“On top of that, there’s the benefit that comes from simply being in the room. The Cherokees having a delegate – who could well opt to serve as a representative for Indian country, for Native rights in general – in the halls of Congress all the time could be enormously beneficial to all tribes, not just the Cherokees.”

Hoskin said that “even though the Cherokee Nation congressional delegate is first and foremost and advocate for the Cherokee Nation”, he expects that being afforded a delegate to Congress is something that can help Native Americans across the US. He says his efforts have been applauded by other tribes.

“In 2019, I think tribal leaders recognize the benefit of solidarity: that we get more done together than we do separately,” Hoskin said.

“And so I have been very careful to tell tribal leaders and to express in interviews that my expectation is that Kim Teehee will be somebody with an open door to leaders across Indian country.

“And no doubt some of the issues that she’ll work on will be issues that are of concern not just to the Cherokee Nation but across tribal governments in this country.”

The question now is whether politicians in Washington decide to let Teehee take up her post. The House could decide on its own that it is able to appoint a Cherokee delegate, but members could also deem that the Senate, and perhaps even the president also need to agree.

Teehee is optimistic she will be appointed, but knows that process will take time. In the meantime, she said she will push Congress to grant the Cherokee Nation the right that was promised in 1835.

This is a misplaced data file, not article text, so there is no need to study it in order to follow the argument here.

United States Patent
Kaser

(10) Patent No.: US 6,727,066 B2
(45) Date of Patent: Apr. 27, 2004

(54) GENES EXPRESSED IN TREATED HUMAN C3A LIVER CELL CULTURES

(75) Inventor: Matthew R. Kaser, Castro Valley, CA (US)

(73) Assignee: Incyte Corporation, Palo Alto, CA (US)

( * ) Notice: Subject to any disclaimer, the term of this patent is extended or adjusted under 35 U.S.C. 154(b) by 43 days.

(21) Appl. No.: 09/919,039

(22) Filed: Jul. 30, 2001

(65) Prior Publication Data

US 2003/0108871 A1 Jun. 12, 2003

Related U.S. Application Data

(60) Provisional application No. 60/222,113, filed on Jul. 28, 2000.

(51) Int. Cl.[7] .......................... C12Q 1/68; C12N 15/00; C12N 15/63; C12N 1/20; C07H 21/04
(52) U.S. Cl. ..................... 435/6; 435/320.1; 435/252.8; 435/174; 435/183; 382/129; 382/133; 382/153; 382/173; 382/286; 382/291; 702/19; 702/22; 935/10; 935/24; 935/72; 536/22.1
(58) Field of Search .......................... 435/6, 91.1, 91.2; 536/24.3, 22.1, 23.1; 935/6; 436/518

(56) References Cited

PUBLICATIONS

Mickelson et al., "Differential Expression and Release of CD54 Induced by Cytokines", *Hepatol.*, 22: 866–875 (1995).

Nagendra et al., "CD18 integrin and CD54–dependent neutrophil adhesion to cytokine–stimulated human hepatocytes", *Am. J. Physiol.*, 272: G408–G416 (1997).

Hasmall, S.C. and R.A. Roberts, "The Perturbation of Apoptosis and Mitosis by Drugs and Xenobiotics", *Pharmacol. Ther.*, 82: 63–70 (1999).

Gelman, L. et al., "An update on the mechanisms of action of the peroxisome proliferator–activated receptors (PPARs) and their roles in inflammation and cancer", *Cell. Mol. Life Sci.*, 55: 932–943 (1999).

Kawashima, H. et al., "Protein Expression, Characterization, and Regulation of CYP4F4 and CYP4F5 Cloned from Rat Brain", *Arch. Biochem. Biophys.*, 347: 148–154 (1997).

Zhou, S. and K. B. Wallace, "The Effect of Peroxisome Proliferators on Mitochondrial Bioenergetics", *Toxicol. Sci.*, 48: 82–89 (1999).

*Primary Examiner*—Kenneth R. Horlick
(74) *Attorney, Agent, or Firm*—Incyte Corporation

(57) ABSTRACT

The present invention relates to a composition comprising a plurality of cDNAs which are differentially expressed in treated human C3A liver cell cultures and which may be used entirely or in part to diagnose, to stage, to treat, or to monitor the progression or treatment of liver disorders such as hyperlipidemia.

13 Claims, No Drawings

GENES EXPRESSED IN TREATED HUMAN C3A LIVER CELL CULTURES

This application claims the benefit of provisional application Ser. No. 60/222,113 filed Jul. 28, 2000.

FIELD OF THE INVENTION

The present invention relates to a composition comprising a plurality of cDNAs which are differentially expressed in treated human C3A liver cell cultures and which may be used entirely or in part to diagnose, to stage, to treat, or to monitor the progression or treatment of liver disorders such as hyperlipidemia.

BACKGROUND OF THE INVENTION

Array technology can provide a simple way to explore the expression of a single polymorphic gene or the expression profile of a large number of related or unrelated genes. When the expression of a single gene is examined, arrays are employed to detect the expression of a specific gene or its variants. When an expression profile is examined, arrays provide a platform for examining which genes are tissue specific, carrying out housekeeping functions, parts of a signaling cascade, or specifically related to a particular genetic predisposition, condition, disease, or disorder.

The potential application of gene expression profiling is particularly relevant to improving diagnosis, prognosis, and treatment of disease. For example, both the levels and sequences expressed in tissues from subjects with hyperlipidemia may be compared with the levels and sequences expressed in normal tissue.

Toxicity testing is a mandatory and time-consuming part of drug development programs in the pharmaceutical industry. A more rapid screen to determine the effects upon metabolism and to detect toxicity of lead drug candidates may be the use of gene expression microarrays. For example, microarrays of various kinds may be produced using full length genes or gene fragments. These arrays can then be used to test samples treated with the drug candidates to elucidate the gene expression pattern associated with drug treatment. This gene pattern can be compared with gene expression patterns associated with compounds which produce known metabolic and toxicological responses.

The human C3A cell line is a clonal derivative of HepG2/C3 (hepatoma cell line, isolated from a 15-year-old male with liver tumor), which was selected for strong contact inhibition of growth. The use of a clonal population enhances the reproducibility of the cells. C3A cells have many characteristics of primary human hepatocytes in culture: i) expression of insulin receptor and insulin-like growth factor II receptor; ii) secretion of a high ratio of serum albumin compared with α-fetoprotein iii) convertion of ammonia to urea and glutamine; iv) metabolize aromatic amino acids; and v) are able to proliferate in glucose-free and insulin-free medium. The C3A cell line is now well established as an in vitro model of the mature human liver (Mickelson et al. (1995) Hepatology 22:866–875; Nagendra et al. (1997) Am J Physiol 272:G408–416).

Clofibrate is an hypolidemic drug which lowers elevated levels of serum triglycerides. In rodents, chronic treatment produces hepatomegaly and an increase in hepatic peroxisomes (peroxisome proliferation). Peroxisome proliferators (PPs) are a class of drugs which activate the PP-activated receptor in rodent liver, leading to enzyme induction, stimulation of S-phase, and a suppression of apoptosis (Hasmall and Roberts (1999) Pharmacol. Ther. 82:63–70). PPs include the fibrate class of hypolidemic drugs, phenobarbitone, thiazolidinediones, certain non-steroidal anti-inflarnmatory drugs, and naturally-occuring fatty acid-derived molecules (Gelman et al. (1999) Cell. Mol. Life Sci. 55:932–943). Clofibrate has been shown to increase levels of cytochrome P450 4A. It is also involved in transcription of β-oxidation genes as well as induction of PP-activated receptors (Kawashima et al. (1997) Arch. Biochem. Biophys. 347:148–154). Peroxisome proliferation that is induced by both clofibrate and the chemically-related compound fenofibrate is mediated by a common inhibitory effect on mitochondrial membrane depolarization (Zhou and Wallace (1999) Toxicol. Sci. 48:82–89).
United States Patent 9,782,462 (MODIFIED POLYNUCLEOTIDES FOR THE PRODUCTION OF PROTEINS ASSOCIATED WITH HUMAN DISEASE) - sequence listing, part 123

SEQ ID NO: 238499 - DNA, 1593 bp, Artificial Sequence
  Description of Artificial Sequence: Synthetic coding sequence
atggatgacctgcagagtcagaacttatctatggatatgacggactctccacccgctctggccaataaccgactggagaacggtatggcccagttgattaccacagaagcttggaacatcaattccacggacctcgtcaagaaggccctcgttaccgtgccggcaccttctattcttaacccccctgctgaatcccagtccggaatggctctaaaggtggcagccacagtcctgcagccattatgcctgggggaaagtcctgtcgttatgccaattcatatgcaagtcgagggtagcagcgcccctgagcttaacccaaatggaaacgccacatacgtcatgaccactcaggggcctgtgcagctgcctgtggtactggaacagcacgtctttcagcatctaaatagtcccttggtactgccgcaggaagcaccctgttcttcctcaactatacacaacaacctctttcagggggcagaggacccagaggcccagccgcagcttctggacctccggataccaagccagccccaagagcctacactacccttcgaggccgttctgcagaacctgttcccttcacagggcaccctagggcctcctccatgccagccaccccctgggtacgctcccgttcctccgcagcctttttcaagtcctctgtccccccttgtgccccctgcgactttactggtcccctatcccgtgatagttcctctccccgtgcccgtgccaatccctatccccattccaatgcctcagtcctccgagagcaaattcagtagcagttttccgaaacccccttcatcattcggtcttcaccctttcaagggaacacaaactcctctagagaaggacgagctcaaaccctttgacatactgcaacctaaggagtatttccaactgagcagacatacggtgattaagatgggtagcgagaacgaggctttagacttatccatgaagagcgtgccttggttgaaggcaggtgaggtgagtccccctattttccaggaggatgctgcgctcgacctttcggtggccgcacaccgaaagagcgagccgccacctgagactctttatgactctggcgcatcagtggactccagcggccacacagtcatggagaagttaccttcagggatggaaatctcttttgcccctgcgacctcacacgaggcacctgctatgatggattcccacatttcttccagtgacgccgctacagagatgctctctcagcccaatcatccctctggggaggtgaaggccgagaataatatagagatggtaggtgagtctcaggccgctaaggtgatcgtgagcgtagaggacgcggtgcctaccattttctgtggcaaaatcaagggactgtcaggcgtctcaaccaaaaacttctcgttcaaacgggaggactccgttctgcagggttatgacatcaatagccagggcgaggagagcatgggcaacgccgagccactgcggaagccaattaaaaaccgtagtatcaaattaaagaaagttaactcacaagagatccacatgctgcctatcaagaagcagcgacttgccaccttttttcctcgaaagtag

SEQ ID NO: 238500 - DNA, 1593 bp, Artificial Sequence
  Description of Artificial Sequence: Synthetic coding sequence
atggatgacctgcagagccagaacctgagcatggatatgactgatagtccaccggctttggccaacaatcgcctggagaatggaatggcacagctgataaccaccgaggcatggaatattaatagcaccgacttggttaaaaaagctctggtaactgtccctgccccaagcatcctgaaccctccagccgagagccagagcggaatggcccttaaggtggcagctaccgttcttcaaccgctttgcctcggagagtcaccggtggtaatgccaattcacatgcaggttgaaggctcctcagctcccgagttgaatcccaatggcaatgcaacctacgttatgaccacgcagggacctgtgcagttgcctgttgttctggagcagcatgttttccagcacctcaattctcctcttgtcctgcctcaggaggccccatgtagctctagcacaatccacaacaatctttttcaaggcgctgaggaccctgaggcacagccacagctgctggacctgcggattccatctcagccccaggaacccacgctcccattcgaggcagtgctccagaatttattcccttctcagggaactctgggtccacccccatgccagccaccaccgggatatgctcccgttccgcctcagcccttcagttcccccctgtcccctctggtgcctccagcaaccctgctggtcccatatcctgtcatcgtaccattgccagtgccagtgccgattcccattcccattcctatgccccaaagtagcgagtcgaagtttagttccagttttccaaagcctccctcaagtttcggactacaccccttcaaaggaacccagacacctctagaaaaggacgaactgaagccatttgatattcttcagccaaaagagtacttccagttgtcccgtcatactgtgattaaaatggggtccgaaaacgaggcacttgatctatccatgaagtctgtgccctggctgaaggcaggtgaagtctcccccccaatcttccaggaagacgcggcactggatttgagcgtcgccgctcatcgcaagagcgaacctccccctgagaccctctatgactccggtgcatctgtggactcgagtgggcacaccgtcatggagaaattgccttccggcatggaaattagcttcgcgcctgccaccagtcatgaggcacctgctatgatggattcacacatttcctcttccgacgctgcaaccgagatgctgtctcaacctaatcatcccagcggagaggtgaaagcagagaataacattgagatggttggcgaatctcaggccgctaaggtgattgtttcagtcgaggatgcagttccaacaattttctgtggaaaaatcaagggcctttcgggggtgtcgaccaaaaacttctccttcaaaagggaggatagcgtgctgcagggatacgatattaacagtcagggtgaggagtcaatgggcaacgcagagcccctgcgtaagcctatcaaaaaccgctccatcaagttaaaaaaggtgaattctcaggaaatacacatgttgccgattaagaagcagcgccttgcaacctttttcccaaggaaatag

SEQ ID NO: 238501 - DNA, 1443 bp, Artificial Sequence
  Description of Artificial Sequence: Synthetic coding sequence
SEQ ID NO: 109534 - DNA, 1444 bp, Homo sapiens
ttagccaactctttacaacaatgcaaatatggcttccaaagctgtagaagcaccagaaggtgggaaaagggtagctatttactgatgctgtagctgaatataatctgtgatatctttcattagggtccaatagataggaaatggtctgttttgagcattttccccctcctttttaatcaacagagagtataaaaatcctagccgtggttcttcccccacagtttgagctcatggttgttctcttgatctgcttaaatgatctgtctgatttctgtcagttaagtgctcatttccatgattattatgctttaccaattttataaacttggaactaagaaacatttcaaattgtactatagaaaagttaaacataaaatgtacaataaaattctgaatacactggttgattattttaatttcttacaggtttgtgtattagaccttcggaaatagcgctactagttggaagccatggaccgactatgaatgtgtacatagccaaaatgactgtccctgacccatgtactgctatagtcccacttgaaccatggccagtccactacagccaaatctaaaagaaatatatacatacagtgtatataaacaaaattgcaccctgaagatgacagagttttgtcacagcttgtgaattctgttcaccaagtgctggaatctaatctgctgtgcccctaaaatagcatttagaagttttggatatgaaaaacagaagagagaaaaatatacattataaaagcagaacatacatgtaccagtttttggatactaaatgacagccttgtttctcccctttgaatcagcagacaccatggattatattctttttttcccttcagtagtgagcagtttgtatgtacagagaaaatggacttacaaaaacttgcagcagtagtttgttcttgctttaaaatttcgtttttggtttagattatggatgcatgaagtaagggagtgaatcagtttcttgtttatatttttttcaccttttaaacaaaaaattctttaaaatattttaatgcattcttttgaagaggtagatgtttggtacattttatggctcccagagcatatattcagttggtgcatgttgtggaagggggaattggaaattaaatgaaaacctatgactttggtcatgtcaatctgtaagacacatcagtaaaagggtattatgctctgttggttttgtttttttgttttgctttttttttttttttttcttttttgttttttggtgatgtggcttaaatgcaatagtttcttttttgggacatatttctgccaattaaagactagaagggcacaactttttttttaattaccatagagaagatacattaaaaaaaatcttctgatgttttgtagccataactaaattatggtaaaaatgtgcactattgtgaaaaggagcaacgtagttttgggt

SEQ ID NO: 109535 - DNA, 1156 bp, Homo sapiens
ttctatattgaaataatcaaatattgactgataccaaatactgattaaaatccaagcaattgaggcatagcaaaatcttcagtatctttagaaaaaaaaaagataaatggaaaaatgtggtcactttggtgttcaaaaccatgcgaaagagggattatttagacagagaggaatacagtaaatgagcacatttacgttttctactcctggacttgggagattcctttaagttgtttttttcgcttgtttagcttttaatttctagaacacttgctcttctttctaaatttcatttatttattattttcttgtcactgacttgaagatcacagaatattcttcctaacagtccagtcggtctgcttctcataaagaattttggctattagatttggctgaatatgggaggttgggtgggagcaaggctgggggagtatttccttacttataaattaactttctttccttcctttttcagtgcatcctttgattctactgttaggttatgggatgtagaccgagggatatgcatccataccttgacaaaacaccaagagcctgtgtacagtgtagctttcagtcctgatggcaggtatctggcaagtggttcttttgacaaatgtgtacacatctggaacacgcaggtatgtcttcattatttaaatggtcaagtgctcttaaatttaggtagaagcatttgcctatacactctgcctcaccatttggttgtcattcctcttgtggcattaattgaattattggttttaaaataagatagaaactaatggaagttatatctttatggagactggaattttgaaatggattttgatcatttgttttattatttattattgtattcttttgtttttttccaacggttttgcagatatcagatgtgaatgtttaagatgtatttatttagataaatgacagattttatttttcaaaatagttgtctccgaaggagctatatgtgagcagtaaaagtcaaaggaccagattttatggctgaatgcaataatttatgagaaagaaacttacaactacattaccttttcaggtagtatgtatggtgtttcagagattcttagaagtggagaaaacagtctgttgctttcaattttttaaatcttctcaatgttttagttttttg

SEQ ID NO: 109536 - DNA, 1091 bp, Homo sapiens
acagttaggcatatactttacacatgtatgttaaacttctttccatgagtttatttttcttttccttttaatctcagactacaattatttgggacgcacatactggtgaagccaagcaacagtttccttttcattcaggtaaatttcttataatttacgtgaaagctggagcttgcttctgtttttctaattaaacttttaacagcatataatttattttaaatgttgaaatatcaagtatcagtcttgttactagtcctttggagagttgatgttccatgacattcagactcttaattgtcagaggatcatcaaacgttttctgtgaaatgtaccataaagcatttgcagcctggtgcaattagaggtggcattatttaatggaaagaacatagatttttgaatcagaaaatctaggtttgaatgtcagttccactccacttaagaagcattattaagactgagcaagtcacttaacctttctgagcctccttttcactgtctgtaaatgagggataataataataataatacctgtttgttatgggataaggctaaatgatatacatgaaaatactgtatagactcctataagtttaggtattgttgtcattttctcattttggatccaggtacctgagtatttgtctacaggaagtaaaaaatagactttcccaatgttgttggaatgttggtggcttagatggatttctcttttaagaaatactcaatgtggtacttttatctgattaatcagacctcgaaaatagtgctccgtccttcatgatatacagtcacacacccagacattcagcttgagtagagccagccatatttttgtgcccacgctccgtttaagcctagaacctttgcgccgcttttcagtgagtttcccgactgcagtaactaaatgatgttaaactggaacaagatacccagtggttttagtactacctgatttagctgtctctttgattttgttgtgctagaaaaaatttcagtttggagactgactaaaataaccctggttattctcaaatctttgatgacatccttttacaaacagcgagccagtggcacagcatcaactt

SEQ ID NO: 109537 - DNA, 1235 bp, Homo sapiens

“I want to take one step at a time, I don’t want to get ahead of ourselves. But I also want the discussion and the analysis and the process to keep moving. I hope that there’s no stall and that we’re all continuing to be motivated about this,” Teehee said.

“We’ve nearly 200 years, and we can wait a little longer. But I do want it done.”

World Politics

United States

  • Joe Biden’s son admits to ‘poor judgment’ in taking Ukraine job

  • Hunter Biden breaks silence over foreign business dealings

Hunter Biden with his father, the former vice-president and Demcoratic presidential candidate Joe Biden in 2010.

Hunter Biden with his father, the former vice-president and Democratic presidential candidate Joe Biden in 2010. Photograph: Jonathan Ernst/Reuters

Hunter Biden, the son of the former vice-president who is at the centre of the impeachment inquiry engulfing the White House, has admitted to “poor judgment” in taking a paid position in a Ukrainian gas company – but denied doing anything wrong.

Breaking his silence over his business dealings in Ukraine and China that have become core to the investigation into whether Donald Trump tried to enlist the help of Ukraine in his re-election campaign, Biden told ABC News on Tuesday he had allowed himself to become involved in what he described as “a swamp”.

But he repeatedly denied ever discussing his foreign work with his father Joe Biden, a frontrunner in the Democratic race to challenge Trump next year.

“In retrospect I think there was poor judgment on my part,” he said. “I know I did nothing wrong at all, but it was poor judgment to be in the middle of something that is a, it’s a swamp in many ways.”

Later on Tuesday morning, Trump offered a review of Biden’s performance. It was, he said, “really bad. Now Sleepy Joe has real problems!”

Trump also attempted to tie the Biden affair to a scandal many think tipped the 2016 election his way.